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Understanding CHIRP

Traditional sounders operate at discrete frequencies such as 50kHz and 200kHz.

They produce short, high-power pulses which limit the energy entering the water column.

CHIRP technology increases the energy on the target and enhances both resolution and depth range.

1. CHIRP transducers transmit over a wide range of frequencies, not just one or two distinct frequencies.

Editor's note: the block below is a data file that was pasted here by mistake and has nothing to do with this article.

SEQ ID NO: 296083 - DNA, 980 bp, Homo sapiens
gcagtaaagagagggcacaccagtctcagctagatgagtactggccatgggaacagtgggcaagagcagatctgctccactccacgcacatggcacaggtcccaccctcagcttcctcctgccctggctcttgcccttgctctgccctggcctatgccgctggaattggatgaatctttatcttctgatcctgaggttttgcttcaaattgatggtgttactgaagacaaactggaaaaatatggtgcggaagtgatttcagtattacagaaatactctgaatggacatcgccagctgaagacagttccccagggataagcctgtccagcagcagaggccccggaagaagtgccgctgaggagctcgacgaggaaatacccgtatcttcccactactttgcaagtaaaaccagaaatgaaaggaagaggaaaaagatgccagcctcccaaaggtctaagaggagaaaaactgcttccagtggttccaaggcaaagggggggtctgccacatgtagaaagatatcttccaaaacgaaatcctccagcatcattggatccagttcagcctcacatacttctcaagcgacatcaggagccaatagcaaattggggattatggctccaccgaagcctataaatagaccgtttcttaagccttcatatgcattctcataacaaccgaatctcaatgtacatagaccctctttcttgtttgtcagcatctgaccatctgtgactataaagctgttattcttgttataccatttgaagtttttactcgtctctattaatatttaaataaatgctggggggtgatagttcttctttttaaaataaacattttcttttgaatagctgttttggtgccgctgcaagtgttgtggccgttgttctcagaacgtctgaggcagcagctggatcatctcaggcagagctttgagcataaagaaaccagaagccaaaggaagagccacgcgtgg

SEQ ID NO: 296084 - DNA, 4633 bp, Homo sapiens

2. The green line shows the wide range of frequencies used when compared to a conventional 200khz model.

3. Instead of a single 'ping', a CHIRP transducer outputs energy across the spectrum.

4. The sounder or fishfinder has to be able to process a CHIRP signal.

5. Pattern matching takes place in software within the sounder or fishfinder.

6. Comparison with the stored signal makes it easier to eliminate noise in the signal, giving clearer target imaging.

7. CHIRP sonar modules and fishfinders are available from many manufacturers.

8. CHIRP transducers are available with the same mounting options as conventional transducers, and often use the same brackets and housings for simplicity of installation.